The mainland is believed to have the world’s largest shale gas resource, but extracting the cleaner-burning fossil fuel is proving tougher than expected and highlights the hurdles policymakers face in plotting a shift away from coal-fired power.
Shale gas exploration is focused on the resource-rich but remote northwest, where a water shortage has been cited as a barrier to commercialisation, and in the country’s southwest. This region, mainly in Sichuan province, is said to have “challenging geology” and a high population density compounds the difficulties.
A lack of access by independent players to quality resource exploration acreages, which tend to overlap with existing conventional gas resources controlled by the nation’s two state-backed onshore oil and gas giants, also presents barriers to faster industry development.
“If China does not tackle the overlapping resource issue by opening up access to the [non state-owned] shale resource players, then China’s pace of shale gas development will depend almost entirely on the investment behaviour of [PetroChina] and Sinopec,” energy consulting firm The Lantau Group said in a report last month.
It said exploration rights granted in two rounds of tenders by Beijing in the past four years, while free of overlaps with the acreages under the control of the two state majors, are mostly in mountainous areas in southwest China that were “at best, second or third-tiered resources”.
Simon Henry, chief financial officer of European oil and gas giant Royal Dutch Shell, told investors in New York on September 5 that it would trim its investment in its joint shale gas exploration project with PetroChina in Sichuan, Bloomberg reported.
“In Sichuan, progress has been slower and more difficult than we might have hoped: partly for geological reasons, partly due to challenges operating in the highly populated agricultural region,” he was quoted as saying. “It’s likely it will be smaller than originally envisaged.”
Shell in 2012 signed the mainland’s first Sino-foreign contract to share the risk and reward of shale gas exploration.
Shell’s Beijing spokesman told the South China Morning Post: “The Sichuan geology is challenging and we are approaching this at the appropriate pace. Ongoing evaluation shows mixed results. We continue to evaluate and should know more [later] this year or [early] next year when we will decide how to move forward.”
Shale gas adheres tightly to underground rocks that require sophisticated drilling technology and the injection of water and chemicals to create cracks, so that the gas can be released.
The US Energy Information Administration estimated the mainland to hold the world’s largest shale gas resource; at 36.8 trillion cubic metres, this is 50 per cent more than the resource in the US. Shale gas’ commercialisation has helped the US surpass Russia to become the world’s largest natural gas producer since 2009.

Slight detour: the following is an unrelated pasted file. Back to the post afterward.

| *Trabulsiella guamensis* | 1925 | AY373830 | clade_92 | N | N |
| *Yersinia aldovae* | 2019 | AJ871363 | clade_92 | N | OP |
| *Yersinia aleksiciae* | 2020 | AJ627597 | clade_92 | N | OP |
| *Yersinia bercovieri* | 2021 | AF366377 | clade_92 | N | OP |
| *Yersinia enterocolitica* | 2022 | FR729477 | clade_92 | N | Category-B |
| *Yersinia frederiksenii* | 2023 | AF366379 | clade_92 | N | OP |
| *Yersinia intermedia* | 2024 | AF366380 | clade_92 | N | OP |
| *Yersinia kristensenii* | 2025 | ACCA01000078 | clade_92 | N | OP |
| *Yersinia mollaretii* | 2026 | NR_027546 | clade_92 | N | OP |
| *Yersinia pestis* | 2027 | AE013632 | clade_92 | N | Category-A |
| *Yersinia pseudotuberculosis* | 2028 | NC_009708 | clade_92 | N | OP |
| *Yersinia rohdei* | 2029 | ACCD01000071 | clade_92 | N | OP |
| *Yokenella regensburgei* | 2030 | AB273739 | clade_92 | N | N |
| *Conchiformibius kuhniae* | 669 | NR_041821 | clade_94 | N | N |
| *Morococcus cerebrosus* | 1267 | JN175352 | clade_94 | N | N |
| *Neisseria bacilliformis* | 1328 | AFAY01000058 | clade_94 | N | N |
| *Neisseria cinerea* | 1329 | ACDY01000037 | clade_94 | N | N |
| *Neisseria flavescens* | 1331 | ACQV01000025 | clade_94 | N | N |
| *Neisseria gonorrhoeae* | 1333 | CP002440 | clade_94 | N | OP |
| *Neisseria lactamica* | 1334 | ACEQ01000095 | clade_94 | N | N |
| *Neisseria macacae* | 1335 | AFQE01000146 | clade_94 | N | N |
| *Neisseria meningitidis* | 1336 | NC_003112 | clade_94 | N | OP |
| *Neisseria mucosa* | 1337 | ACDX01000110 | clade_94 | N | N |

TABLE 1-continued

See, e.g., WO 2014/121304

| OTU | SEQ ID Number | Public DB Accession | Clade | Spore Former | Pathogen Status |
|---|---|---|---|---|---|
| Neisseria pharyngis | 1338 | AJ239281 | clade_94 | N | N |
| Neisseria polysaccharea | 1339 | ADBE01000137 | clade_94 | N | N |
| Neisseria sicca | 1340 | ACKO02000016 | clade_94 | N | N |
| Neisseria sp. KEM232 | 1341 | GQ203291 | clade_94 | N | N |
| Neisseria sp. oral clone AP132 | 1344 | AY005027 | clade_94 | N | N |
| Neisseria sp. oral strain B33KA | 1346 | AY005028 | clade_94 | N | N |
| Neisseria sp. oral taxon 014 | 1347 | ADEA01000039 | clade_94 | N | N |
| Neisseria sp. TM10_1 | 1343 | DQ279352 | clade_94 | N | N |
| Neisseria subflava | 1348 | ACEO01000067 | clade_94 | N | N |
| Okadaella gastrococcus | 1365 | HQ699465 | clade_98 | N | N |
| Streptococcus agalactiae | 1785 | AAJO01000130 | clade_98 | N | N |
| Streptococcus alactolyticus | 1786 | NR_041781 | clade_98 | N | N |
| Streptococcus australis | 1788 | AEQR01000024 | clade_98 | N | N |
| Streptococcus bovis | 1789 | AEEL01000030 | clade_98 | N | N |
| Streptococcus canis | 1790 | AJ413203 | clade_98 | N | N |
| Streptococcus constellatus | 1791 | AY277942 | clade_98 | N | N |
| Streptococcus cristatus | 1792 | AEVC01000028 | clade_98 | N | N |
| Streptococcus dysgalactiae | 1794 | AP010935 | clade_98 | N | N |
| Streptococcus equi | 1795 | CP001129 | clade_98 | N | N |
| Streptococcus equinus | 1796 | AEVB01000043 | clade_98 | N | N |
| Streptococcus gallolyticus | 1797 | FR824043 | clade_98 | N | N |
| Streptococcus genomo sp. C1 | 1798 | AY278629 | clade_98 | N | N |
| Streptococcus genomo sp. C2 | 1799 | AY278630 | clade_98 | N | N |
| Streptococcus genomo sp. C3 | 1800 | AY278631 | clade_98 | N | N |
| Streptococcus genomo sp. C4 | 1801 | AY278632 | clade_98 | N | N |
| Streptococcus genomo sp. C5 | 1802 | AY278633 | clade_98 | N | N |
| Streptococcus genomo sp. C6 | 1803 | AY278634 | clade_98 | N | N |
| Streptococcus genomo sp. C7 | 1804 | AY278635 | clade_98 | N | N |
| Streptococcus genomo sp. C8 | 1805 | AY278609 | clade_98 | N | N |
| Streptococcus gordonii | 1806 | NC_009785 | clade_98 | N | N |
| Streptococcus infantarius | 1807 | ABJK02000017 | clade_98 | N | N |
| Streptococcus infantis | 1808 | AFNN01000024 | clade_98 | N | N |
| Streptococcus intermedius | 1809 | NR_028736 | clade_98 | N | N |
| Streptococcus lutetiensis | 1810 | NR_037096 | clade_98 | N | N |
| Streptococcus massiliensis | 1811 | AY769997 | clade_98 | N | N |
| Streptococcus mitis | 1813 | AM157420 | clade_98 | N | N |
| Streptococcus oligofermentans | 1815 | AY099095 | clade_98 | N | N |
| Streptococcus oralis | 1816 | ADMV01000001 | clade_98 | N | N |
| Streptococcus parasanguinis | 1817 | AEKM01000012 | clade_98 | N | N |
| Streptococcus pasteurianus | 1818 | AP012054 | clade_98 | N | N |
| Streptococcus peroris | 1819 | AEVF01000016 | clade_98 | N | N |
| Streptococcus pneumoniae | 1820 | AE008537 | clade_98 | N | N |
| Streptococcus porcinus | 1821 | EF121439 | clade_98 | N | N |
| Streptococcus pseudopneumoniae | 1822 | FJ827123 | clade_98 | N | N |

“The challenges to the growth of shale gas [production] in China include geography and lack of abundant and readily available water close to the reserves,” said Tom Deegan, partner at Sidley Austin, who advises mainland state firms on energy deals.
The World Resources Institute, a Washington-based global sustainable development researcher, said in a report on September 2 that more than 60 per cent of China’s shale oil and gas resources are in areas with high water stress or arid conditions.
The proportion rises to more than 95 per cent in the energy-rich northwestern Tarim Basin, which means producers may face significant financial risks with the additional costs of accessing and transporting water.
While water is more abundant in the southwest, where the vast majority of the pilot drilling is taking place, seasonal variations in rainfall and a high population density in agricultural communities could also give rise to regulatory and reputation risks for producers, if water-intensive activities are conducted irresponsibly, the institute said.
Oliver Wang Guoqiang, chairman of Beijing-based SPT Energy Group, which helped firms like PetroChina construct and drill wells, told the Post late last year that water shortage is not as big a concern as Sichuan’s hilly terrain, which require up to 10 million yuan (HK$12.6 million) to be spent to haul the equipment and level the ground for drilling rigs to be installed.
So far, the state oil and gas giants have shown no signs of curtailing their shale gas ambitions, despite Beijing having quietly cut a national output target that analysts said was too optimistic.
Wu Xinxiong, the chief of the National Energy Administration, in August told an energy industry planning meeting for 2016-20 that it had set a target for 30 billion cubic metres (bcm) of shale gas to be produced in 2020, well short of the 60 bcm to 100 bcm target laid down in a policy circular in March 2012.
Peng Qiming, the chief of the Ministry of Land and Resources’ geological survey bureau, said last month some 20 billion yuan had been spent on 54 shale gas exploration projects in the nation by the end of July.
Of 400 wells drilled, some 130 are horizontal ones that are more costly than vertical ones. Each horizontal well’s drilling cost has fallen to between 50 million and 70 million yuan from 100 million yuan, after more domestically made equipment is deployed.
China Petroleum & Chemical (Sinopec) has planned to spend 21.5 billion yuan to drill 253 wells between last year and next year, and expected shale gas output of one bcm this year and 3.5 bcm next year, Peng said.
PetroChina has budgeted 11.2 billion yuan to drill 154 wells between this year and next year, with output in 2015 expected to exceed 2.5 bcm, he added.